The peak of sutra copying occurred in the Nara period at which time the Great Perfection of Wisdom (Daihannya) sutra and the Lotus Sutra were the sutras most often copied. Most of the sutras were written in black ink on paper dyed pale yellow.[nb 5] However, some were made with gold or silver ink on indigo, purple or other colored paper—particularly the ones that were produced in 741 when Emperor Shōmu decreed Konkōmyō Saishōō sutras written in gold letters be distributed among provincial temples. Many sutra copies contain a colophon with the name of the sponsor—often somebody from the ruling class—and the reason of copying, usually related to the health or salvation of people or the state.
After the shakyōjo closed at the end of the 8th century, the imperial family and leading aristocrats continued to sponsor sutra copying. Because of an enhanced belief in the powers of the Lotus Sutra, more Heian period copies of this sutra exist than of all other sutras combined. Starting in the early Heian period, styles became flowery and ornate with lavish decorations as sutras were not used only in recitation but for dedication and sacrifice. Devotional sutra copying was more often undertaken by the initiator than in the Nara period. New forms of decoration came in fashion by the early-11th century including placing each character in the outline of a stupa, on lotus pedestals or next to depictions of Boddhisattvas. Sutras were increasingly furnished with frontispieces starting in the 11th century. Calligraphy shifted from Chinese to Japanese style. Sutra copying continued into the Kamakura and subsequent periods, but only rarely to comparable artistic effect. With the import of printed Song editions in the Kamakura period, hand-copying of the complete scriptures died out and sutra copying was only practiced for its devotional aspect. Forty-six sutras or sets of sutras from the 6th century Western Wei to 14th century Nanboku-chō period have been designated National Treasures. Some of the oldest items in this list originated in China.
|Segment of the Sutra of the Wise and Foolish (賢愚経残巻 Kengukyō zankan ), Yamato edition||Emperor Shōmuattributed to||Chapters 8 ("Vajra, the Daughter of King Prasenajit"), 9 ("Golden Wealth"), 10 ("Heavenly Flowers"), 11 ("Heavenly Jewels"), and the final lines of Chapter 48 ("Upagupta") of the Sutra of the Wise and Foolish, or Sutra of the Karma of the Wise and Foolish; total of 262 lines with eleven to fourteen characters per line; also known as Great Shōmu (大聖武 ōshōmu ) after Emperor Shōmu; originally kept at Tōdai-ji in Yamato||Nara period, 8th century||One handscroll, ink on paper, 25.7 cm × 696.9 cm (10.1 in × 274.4 in)||Tokyo National Museum, Tokyo|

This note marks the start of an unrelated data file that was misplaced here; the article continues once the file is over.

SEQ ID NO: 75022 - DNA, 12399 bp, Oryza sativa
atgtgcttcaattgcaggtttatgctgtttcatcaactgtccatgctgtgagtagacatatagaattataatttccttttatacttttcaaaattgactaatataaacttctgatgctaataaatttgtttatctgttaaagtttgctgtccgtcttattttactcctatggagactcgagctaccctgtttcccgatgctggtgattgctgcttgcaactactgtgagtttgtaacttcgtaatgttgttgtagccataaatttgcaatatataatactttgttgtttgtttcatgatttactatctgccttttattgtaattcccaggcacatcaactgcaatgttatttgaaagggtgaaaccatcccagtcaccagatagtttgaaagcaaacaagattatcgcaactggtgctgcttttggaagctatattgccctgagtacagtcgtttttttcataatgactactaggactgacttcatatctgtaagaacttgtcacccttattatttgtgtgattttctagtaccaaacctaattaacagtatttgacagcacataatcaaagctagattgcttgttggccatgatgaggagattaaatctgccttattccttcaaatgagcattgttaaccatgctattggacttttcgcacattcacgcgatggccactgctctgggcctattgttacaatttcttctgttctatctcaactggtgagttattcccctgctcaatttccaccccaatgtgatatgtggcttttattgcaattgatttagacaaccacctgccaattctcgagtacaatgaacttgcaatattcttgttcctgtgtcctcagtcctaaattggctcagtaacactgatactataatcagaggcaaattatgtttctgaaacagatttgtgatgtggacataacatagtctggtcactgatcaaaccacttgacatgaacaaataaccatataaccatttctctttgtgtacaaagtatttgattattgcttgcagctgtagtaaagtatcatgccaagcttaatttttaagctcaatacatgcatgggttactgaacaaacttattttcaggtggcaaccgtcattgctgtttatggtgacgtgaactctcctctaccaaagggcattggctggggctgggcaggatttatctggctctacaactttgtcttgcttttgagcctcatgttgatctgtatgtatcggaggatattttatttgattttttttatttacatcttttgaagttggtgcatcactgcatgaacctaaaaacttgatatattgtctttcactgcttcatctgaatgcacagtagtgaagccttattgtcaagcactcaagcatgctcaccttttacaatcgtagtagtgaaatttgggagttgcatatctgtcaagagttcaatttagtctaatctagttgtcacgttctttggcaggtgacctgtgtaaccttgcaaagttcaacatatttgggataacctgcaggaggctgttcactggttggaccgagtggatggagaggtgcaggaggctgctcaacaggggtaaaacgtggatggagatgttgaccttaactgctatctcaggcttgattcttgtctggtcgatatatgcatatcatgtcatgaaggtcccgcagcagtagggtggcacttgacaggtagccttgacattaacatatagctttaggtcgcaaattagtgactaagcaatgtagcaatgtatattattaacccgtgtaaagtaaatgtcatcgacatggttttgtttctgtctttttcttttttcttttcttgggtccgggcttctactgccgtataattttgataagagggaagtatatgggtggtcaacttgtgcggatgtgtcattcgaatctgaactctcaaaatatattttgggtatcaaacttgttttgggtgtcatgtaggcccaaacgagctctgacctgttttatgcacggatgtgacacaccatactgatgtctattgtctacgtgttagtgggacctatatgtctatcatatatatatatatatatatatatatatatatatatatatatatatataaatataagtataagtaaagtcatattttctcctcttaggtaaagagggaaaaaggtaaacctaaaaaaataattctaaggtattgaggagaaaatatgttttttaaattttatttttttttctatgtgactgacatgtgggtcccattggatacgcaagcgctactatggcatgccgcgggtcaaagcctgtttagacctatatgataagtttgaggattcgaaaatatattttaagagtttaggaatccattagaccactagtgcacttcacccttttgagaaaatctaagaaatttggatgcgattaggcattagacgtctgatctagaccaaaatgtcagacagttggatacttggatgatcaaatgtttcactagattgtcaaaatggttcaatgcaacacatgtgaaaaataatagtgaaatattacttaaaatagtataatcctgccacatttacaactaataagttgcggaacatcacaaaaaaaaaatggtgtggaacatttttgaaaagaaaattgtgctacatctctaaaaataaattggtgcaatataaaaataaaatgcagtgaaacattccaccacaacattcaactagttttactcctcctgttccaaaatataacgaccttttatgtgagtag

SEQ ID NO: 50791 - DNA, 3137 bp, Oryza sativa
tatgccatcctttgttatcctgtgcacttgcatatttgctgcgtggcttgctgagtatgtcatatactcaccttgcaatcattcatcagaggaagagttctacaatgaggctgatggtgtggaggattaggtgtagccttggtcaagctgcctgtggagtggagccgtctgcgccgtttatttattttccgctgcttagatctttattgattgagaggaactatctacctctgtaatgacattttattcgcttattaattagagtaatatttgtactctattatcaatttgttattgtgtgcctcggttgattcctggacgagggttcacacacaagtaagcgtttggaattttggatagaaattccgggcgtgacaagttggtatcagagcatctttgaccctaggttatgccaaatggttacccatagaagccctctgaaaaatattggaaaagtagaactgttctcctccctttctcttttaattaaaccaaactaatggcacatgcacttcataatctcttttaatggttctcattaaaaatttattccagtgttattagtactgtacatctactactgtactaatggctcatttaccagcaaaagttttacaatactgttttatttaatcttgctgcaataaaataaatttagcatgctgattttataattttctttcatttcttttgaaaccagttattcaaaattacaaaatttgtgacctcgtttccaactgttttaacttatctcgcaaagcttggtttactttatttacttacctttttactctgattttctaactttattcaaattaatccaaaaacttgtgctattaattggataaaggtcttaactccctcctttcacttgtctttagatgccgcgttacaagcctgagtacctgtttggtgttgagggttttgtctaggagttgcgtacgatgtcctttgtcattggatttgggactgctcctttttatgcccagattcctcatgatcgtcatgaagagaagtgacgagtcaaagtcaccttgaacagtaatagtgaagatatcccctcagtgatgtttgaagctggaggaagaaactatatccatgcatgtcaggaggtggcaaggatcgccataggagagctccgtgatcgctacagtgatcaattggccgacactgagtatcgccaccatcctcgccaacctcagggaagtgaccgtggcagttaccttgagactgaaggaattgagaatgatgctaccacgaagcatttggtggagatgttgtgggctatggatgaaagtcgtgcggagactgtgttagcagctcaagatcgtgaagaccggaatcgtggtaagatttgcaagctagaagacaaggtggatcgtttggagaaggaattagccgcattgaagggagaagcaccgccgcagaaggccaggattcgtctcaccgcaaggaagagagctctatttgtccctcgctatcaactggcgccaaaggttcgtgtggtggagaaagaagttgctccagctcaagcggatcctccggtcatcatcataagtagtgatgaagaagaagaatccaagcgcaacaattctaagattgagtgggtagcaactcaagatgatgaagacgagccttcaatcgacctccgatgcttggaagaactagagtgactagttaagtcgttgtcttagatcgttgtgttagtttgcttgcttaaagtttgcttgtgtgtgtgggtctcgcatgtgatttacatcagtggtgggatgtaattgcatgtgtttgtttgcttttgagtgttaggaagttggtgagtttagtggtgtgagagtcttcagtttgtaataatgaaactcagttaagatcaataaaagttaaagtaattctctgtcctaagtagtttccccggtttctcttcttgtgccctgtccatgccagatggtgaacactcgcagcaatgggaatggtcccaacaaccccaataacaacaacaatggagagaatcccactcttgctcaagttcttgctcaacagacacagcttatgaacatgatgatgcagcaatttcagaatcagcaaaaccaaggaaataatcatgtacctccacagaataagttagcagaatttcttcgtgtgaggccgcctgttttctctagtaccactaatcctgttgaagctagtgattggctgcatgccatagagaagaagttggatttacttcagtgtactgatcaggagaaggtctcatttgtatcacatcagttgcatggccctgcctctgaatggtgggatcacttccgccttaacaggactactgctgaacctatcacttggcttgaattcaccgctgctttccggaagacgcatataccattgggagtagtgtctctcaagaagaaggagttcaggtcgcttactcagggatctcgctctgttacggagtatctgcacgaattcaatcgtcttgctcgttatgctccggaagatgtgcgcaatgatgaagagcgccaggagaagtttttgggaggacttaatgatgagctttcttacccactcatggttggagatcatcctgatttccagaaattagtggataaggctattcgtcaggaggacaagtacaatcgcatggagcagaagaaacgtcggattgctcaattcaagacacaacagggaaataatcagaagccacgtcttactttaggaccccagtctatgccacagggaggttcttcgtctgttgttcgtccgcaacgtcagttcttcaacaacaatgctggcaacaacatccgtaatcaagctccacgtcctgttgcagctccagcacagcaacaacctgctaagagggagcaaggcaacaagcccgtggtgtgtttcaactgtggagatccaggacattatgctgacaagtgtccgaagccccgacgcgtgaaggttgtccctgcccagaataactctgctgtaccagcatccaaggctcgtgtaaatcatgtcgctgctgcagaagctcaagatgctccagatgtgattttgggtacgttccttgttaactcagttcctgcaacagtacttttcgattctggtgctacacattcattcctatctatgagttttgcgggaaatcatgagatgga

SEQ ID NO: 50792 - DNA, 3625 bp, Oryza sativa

|Segment of the Sutra of the Wise and Foolish (賢愚経残巻 Kengukyō zankan )||Emperor Shōmuattributed to||Volumes 1 (419 lines), 2 (149 lines), 3 (18 lines); also known as Great Shōmu (大聖武 ōshōmu ) after Emperor Shōmu||Nara period, 8th century||Three handscrolls, ink on paper||Maeda Ikutokukai, Tokyo||
|Segment of the Sutra of the Wise and Foolish (賢愚経残巻 Kengukyō zankan )||Emperor Shōmuattributed to||Volumes 1 (461 lines), 2 (503 lines); also known as Great Shōmu (大聖武 ōshōmu ) after Emperor Shōmu; formerly in the possession of Kaidan-in, Tōdai-ji||Nara period, 8th century||Two handscrolls, ink on paper, 27.5 cm × 1,200 cm (10.8 in × 470 in)||Hakutsuru Fine Art Museum, Kobe, Hyōgo|
|Lotus Sutra, Chapter on "Expedient Means" (法華経方便品 Hokekyō hōbenbon )||Minamoto Toshifusa (源俊房) by Shōkadō Shōjō in a postscript from 1625attributed to||28 lines per page; also known as Chikubushima Sutra (竹生島経) as the scroll is in possession of Hōgon-ji on Chikubu Island; paper decorated with gold and silver underdrawings of butterflies, birds, flowering plants, imaginary Buddhist flowers, and clouds; the introductory chapter of the same work, located at Hōgon-ji, has been designated as a National Treasure||Heian period, 10th century||One handscroll, ink on decorated paper, 29.6 cm × 528.5 cm (11.7 in × 208.1 in)||Tokyo National Museum, Tokyo|
|Lotus Sutra in minute characters (細字法華経 saiji hokekyō )||Li Yuanhui (李元恵 rigenkei )transcription by||39 pages of 56 ruled lines with 32 characters per line; also known as Honored Companion Sutra (御同朋経 godōbōkyō ); handed down at Hōryū-ji||Tang Dynasty, 694||One handscroll, ink on paper; 25.7 cm × 2,150 cm (10.1 in × 850 in)||Tokyo National Museum, Tokyo|
|Commentary on the Vimalakirti Sutra (浄名玄論 jōmyō genron )||unknown||Oldest extant text using the Japanese dating system; 20 to 40 characters per line; originally in the possession of Tōdai-ji||Asuka period, 706[nb 6]||Eight handscrolls, ink on paper, height: 27.8–28.0 cm (10.9–11.0 in), length: 296.0–1,092.0 cm (116.5–429.9 in)||Kyoto National Museum, Kyoto|